Bubble Tea and Visual Factory

The line to get drinks

So a couple days ago, my girlfriend and I decided to get some bubble tea before dinner. We heard about this place called Half and Half in Rowland Heights, CA which serves a special bubble tea with honey and pudding; sounded interesting so we decided to give it a shot. We were already prepared to wait based on some reviews on Yelp. After a 15 minute wait in line, we finally ordered – one ginger tea and one honey bubble tea. We sat down and started waiting for our drink (7:34 PM).

As we were sitting there, I noticed that the store just kept filling up. They weren’t calling any numbers but they kept taking orders. The seats around the room quickly filled up and the line kept getting longer. After about ten minutes, I still hadn’t heard a single number called. I was sitting there mumbling about takt time to my girlfriend who was clearly looking at me like the biggest lean nerd in the world.

I get pretty annoyed by poor service and I’m thinking to myself – how can they not output a single drink in ten minutes? I decided to stand up and see what the heck was going on. How can their flow really be that crappy? Well… here’s what I see when I try to see into their work area:

The glass opaque barrier

You couldn’t see anything through this giant wall. How were they doing on our drinks? Was there actually anyone working back there? Could I expect my order shortly? How long would it be? I think this lack of transparency (no pun intended) is a failure in any business. An informed customer is a happy customer. If there was a visual signal that told me that my order was going to take an extra 15 minutes, I would probably be less annoyed. I could maybe go somewhere, do something and then come back. Even if I was able to see that there was X orders in front of me, I could estimate my wait.

A giant wall blocking your production area also kills your visual factory. A production area that isn’t visible to customers and other stakeholders often hides waste. Who knows what was behind there? Could have been a monkey and a panda mixing bubble tea. When you hide your work areas, your employees may also be less hesitant to leave the area in shambles. The thought may be “well the customer can’t see it, it can be messy”. Well, a messy work area just creates more workplace inefficiency. Creating a visual factory is key to seeing waste, identifying bottlenecks and creating flow.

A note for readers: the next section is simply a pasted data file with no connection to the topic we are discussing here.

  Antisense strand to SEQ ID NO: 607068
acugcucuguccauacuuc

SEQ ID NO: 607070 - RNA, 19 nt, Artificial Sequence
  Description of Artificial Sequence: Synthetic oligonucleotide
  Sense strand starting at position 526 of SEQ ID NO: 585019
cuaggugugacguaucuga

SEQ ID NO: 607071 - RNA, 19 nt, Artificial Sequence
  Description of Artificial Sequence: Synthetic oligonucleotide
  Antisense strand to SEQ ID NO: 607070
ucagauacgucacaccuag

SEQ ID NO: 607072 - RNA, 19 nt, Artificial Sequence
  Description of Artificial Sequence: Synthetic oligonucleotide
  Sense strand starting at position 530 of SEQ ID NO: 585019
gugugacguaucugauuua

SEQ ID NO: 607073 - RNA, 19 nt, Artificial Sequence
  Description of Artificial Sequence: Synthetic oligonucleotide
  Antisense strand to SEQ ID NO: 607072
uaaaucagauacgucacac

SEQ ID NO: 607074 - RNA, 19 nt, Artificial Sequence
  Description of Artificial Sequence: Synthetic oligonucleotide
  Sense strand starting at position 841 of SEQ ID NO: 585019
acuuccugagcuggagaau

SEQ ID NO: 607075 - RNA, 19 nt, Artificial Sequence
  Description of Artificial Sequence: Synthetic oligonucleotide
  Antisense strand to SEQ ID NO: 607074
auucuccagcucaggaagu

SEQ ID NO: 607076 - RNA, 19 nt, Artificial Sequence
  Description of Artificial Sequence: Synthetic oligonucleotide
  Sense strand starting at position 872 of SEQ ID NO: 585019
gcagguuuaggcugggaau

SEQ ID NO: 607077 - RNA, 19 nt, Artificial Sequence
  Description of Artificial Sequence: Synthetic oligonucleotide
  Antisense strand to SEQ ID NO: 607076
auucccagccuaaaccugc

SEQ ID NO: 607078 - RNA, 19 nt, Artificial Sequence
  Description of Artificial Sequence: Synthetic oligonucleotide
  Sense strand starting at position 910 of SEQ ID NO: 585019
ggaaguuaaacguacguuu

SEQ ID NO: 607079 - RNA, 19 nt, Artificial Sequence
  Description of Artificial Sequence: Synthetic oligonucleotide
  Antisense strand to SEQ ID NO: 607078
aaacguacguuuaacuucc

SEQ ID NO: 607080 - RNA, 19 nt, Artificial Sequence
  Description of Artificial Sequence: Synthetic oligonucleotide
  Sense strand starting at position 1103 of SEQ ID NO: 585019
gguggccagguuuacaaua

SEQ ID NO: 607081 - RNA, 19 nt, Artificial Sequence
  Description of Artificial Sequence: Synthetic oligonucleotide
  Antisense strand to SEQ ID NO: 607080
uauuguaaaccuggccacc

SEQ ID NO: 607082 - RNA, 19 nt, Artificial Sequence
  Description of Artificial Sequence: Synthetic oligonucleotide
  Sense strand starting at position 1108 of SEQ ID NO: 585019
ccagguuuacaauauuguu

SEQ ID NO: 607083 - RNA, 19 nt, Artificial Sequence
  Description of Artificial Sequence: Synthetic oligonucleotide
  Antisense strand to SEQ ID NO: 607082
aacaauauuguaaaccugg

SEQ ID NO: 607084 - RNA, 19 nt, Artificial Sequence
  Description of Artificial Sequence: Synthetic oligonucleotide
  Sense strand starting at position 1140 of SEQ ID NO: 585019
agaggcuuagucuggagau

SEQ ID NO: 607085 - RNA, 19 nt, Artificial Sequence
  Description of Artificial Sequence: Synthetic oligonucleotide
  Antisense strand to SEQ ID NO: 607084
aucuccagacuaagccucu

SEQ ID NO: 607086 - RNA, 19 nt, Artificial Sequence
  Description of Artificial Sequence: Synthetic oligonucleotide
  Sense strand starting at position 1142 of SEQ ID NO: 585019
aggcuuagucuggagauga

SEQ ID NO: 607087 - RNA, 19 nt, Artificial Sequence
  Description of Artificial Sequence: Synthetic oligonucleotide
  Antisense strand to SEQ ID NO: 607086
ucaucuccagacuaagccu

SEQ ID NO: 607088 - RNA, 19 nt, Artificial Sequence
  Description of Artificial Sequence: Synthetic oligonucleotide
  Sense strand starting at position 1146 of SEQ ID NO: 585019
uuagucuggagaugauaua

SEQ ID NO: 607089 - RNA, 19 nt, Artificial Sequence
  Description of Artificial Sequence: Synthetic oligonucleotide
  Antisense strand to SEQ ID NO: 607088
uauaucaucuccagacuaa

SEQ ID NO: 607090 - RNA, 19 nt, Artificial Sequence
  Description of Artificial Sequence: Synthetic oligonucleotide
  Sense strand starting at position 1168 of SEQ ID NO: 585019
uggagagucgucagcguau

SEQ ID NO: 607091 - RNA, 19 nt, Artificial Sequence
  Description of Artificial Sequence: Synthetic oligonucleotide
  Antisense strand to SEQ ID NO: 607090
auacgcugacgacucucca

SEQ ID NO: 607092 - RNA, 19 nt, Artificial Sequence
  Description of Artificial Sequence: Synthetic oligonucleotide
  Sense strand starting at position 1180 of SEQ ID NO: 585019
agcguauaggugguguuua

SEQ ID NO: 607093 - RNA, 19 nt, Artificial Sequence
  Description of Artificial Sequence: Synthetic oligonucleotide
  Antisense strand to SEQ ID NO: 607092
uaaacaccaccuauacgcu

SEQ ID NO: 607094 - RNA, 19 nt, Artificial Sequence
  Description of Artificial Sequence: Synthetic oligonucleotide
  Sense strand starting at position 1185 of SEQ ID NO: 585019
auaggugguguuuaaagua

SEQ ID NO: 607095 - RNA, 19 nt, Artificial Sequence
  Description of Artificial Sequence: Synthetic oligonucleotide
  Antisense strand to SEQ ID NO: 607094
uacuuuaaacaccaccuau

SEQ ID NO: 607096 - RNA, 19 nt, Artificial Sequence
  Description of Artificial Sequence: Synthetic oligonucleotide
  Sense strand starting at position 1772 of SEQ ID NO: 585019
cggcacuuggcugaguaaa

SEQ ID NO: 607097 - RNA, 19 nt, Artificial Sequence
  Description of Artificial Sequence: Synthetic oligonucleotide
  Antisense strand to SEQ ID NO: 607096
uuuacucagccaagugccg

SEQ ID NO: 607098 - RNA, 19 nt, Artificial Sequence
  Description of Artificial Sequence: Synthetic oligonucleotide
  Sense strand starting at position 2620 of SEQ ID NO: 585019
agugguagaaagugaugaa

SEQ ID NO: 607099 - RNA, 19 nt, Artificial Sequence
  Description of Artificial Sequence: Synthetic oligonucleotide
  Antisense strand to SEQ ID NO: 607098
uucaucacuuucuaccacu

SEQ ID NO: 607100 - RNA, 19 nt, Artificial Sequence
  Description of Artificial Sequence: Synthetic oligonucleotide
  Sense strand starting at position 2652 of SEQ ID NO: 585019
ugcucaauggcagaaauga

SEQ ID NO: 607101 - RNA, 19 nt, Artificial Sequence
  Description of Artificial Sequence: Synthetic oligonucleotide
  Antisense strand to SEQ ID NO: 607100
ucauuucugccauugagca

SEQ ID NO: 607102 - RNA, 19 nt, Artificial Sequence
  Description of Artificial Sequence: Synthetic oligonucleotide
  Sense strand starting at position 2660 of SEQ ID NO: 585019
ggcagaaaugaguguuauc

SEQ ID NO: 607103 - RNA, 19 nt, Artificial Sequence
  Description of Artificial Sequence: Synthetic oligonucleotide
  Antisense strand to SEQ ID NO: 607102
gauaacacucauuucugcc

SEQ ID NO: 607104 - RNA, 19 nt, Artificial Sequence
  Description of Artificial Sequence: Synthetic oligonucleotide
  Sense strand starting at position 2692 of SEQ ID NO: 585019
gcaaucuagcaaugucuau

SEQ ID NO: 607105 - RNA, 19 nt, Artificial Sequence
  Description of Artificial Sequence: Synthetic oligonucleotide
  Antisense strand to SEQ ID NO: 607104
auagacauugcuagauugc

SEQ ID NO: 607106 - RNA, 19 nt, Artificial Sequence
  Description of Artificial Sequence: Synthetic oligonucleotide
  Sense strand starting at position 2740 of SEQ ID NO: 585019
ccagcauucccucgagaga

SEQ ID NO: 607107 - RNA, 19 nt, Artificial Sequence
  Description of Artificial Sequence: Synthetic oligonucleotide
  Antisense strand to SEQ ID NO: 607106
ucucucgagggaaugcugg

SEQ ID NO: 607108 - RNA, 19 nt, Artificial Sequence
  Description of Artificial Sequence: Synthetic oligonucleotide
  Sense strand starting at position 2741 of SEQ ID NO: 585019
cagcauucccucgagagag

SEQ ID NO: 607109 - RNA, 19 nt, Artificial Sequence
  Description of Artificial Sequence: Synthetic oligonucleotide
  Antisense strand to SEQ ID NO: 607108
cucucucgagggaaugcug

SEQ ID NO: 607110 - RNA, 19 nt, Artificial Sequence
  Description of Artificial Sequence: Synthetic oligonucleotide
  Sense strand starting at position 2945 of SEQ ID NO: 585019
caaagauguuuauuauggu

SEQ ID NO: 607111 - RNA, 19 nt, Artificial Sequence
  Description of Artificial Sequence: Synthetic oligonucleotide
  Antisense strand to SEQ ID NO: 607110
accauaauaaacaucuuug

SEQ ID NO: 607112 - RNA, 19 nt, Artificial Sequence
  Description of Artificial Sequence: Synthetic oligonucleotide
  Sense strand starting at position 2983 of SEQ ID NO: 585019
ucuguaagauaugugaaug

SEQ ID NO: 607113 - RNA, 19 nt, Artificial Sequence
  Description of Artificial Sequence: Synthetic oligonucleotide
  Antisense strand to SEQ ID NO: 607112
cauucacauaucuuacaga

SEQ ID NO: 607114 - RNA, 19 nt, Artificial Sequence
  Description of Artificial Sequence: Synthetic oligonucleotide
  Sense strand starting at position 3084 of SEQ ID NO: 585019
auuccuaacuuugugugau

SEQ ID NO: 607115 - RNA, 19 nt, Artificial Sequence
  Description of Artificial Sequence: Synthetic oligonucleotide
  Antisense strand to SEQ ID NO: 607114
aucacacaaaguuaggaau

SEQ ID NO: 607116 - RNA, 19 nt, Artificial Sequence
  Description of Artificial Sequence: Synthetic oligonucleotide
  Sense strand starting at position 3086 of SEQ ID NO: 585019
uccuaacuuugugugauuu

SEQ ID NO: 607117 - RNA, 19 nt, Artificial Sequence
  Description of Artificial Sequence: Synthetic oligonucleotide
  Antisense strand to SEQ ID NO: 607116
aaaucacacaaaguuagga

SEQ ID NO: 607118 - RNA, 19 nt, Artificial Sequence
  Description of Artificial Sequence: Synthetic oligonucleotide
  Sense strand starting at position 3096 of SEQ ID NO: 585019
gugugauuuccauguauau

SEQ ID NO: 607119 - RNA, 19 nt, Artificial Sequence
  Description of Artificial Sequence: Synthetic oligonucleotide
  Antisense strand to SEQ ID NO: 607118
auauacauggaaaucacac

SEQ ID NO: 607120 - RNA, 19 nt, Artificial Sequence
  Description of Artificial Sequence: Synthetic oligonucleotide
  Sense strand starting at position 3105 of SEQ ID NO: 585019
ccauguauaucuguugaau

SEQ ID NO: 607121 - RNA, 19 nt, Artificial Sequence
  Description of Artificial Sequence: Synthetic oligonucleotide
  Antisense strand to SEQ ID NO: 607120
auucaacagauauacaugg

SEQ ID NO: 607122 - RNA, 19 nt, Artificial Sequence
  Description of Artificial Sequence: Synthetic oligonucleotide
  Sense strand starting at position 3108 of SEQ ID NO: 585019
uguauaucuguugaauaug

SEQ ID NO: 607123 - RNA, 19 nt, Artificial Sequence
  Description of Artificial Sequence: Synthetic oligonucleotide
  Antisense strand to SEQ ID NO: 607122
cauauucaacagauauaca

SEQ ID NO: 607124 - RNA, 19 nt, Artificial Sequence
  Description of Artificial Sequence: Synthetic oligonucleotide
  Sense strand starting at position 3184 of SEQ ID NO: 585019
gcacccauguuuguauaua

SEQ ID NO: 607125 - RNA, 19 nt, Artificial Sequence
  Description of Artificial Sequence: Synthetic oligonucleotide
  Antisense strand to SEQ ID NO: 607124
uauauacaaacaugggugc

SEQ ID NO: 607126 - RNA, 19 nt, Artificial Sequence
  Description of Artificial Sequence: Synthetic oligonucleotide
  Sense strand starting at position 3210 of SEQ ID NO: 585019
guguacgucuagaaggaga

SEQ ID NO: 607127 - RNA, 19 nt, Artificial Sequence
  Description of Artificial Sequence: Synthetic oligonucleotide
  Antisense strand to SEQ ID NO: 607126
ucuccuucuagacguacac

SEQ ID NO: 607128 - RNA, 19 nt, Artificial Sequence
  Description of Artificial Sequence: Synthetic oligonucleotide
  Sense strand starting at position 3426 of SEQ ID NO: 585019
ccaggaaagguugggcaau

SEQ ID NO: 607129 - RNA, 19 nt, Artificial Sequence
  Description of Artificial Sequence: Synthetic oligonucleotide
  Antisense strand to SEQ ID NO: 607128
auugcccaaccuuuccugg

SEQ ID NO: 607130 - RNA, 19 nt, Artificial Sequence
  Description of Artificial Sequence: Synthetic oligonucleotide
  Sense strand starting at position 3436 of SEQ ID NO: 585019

Just in case your wondering – we finally got our drinks at 7:53 PM – 19 minutes after our order. At least it was delicious.

One comment

  1. But lack of transparency works the other way too – employees can't see (directly) that huge line of customers piling up (and how grouchy they're getting).This used to be a common phenomenon at the post office. One time customers got so mad (the line was huge), they started an uproar and – lo and behold – another employee came out from the back. It shouldn't have to get THAT bad before employees know they aren't keeping up.BTW, I don't mean to diss the post office, really. They've gotten a lot better in recent years (though big budget cuts loom here in the U.S.). I make a practice of noting what time I arrive and when I get served. It's rarely longer than 12 minutes at my post office.But people still get grouchy, because it's a matter of perception more than reality. They have learned to expect poor service there.

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